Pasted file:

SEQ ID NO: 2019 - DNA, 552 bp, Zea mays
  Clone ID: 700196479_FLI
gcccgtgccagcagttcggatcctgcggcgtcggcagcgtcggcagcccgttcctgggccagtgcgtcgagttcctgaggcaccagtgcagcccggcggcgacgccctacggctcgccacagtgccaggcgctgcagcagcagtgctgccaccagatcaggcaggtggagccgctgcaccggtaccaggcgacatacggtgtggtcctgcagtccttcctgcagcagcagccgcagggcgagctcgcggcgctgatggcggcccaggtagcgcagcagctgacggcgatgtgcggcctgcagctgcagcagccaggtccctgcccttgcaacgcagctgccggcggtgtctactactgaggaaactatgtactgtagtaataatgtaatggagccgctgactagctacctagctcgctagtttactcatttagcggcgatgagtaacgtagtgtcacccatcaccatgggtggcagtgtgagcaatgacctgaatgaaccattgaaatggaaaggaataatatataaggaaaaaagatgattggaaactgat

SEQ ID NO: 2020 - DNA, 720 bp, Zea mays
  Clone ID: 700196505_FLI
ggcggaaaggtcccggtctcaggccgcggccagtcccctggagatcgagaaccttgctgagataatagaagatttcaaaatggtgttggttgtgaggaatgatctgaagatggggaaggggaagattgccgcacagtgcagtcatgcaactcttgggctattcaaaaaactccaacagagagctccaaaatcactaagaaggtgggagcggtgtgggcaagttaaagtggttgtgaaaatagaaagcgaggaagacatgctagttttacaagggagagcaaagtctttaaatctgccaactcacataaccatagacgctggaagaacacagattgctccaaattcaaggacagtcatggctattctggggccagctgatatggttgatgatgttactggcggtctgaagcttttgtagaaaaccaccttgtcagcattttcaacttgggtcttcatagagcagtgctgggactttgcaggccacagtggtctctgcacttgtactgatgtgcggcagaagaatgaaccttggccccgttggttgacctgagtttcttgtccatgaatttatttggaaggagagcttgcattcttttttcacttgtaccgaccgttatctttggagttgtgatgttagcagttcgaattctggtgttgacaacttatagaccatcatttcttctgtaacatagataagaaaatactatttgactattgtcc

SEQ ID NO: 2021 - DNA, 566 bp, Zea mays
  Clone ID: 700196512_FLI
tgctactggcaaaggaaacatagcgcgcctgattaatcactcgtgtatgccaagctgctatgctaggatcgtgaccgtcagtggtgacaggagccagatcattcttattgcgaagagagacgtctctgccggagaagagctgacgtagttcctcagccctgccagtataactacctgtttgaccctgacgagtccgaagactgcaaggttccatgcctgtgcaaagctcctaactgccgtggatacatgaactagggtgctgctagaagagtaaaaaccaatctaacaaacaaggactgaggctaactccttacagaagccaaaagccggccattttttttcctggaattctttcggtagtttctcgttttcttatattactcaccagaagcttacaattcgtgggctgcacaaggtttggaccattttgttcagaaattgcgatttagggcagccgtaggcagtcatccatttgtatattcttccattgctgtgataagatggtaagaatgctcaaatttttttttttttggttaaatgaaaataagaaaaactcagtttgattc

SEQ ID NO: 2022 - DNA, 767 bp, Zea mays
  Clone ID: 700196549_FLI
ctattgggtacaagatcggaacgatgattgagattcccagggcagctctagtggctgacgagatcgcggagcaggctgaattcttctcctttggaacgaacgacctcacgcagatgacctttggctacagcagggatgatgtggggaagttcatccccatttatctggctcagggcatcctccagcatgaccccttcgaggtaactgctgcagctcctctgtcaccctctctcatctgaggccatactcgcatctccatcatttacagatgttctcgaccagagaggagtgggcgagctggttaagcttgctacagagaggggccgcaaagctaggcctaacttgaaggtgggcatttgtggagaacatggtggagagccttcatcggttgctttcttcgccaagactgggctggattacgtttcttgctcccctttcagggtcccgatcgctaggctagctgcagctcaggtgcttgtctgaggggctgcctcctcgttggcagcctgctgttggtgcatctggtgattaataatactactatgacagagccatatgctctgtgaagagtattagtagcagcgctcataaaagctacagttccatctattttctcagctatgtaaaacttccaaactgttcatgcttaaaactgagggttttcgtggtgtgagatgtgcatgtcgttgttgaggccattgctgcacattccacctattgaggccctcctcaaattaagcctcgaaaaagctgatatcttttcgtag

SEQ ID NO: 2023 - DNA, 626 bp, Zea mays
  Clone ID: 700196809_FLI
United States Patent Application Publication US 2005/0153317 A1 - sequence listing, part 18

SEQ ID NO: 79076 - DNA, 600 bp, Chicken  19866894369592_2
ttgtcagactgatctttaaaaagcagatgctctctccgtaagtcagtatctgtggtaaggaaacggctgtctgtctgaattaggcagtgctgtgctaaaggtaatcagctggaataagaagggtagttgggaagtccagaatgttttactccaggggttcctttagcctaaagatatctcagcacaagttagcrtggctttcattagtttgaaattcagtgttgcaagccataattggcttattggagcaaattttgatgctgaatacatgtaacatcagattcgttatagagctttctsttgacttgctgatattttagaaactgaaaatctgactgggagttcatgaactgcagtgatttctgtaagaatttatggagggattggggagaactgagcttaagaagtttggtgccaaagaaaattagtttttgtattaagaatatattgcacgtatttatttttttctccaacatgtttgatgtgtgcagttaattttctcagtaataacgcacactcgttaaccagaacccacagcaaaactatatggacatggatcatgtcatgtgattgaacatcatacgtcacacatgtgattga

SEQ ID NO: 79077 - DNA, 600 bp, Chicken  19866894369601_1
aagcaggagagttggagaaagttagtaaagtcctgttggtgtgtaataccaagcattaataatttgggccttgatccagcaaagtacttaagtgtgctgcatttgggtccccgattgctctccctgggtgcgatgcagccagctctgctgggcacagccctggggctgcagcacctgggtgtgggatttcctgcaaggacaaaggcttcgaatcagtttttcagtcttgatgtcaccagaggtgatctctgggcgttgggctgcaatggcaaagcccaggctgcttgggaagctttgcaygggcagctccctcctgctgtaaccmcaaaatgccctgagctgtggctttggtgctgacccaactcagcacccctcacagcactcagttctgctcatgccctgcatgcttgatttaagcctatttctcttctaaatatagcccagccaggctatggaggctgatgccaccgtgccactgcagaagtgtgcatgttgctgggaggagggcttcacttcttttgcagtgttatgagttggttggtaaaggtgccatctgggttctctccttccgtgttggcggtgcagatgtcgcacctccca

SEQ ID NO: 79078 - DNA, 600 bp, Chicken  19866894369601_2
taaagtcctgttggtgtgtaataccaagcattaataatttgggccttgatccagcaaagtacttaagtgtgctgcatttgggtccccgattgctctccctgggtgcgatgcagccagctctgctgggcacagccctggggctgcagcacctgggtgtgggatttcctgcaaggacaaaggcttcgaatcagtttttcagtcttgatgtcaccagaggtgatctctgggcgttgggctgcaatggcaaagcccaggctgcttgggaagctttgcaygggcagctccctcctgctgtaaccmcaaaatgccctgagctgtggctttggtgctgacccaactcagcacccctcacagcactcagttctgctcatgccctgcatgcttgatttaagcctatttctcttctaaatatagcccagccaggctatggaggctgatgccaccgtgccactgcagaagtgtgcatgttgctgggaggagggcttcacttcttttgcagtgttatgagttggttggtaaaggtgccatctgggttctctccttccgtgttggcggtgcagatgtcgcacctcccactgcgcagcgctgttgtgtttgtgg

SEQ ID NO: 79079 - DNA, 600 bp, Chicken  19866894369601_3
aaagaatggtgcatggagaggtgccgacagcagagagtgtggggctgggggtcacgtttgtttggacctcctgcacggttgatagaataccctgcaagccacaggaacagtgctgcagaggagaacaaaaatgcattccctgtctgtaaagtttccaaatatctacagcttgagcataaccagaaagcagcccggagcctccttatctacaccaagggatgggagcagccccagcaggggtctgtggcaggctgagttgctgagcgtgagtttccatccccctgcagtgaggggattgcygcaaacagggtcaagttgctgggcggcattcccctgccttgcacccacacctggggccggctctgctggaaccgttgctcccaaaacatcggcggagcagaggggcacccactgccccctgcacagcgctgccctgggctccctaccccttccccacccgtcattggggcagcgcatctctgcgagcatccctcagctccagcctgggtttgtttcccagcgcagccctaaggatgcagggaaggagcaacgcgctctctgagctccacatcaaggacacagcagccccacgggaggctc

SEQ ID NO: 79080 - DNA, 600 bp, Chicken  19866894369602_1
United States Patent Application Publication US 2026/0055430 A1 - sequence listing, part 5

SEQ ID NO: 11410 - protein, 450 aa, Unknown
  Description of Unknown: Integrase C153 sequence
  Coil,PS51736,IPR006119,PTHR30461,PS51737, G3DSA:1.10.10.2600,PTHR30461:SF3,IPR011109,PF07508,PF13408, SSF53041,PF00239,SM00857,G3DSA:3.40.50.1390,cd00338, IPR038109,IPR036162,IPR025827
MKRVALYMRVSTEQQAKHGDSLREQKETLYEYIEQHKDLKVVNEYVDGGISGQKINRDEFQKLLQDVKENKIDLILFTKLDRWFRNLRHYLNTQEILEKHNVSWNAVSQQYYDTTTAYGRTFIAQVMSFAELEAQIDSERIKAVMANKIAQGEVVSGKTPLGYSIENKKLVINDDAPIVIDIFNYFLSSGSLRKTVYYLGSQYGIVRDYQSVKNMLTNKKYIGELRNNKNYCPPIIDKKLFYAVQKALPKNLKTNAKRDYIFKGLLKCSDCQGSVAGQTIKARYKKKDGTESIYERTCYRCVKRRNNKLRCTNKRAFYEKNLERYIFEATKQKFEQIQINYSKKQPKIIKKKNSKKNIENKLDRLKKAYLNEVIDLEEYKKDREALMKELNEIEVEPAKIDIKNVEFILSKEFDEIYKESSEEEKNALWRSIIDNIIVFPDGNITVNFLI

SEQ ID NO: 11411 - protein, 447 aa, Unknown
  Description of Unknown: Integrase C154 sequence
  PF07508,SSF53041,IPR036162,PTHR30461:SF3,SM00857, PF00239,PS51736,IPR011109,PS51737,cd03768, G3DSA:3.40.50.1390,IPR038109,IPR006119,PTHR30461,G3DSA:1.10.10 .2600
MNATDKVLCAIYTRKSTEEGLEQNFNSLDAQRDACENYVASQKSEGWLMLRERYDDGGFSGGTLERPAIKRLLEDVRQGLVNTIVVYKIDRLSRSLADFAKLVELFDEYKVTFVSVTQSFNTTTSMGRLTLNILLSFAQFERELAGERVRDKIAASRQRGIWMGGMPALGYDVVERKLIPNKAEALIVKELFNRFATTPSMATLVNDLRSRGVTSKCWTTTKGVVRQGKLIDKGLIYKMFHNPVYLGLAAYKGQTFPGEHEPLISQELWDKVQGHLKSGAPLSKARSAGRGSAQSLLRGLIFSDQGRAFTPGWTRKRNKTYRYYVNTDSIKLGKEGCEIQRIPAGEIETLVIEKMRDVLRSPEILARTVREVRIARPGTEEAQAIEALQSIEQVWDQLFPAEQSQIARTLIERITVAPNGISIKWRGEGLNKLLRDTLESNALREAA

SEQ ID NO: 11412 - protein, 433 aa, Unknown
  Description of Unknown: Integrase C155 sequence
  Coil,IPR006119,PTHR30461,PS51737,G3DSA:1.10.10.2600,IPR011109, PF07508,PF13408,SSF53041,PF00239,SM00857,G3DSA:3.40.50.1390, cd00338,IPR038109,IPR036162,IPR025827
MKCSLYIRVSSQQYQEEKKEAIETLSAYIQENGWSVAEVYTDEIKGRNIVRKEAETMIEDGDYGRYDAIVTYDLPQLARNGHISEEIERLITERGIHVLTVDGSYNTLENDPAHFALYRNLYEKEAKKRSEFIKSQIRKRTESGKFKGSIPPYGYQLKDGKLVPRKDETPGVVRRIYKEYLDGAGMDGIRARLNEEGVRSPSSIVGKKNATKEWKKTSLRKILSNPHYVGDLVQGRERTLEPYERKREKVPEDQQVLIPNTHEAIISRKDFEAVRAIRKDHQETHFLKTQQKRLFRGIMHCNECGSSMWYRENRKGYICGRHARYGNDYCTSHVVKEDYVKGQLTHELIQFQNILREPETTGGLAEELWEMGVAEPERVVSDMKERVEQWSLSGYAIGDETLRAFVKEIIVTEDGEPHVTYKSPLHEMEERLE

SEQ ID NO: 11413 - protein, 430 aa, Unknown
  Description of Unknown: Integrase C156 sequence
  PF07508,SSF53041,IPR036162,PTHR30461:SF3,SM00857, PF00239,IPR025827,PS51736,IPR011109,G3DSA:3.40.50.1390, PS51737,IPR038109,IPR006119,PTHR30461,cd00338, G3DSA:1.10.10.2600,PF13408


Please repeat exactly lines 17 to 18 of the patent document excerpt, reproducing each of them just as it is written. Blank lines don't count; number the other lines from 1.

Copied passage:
ttgtcagactgatctttaaaaagcagatgctctctccgtaagtcagtatctgtggtaaggaaacggctgtctgtctgaattaggcagtgctgtgctaaaggtaatcagctggaataagaagggtagttgggaagtccagaatgttttactccaggggttcctttagcctaaagatatctcagcacaagttagcrtggctttcattagtttgaaattcagtgttgcaagccataattggcttattggagcaaattttgatgctgaatacatgtaacatcagattcgttatagagctttctsttgacttgctgatattttagaaactgaaaatctgactgggagttcatgaactgcagtgatttctgtaagaatttatggagggattggggagaactgagcttaagaagtttggtgccaaagaaaattagtttttgtattaagaatatattgcacgtatttatttttttctccaacatgtttgatgtgtgcagttaattttctcagtaataacgcacactcgttaaccagaacccacagcaaaactatatggacatggatcatgtcatgtgattgaacatcatacgtcacacatgtgattga

SEQ ID NO: 79077 - DNA, 600 bp, Chicken  19866894369601_1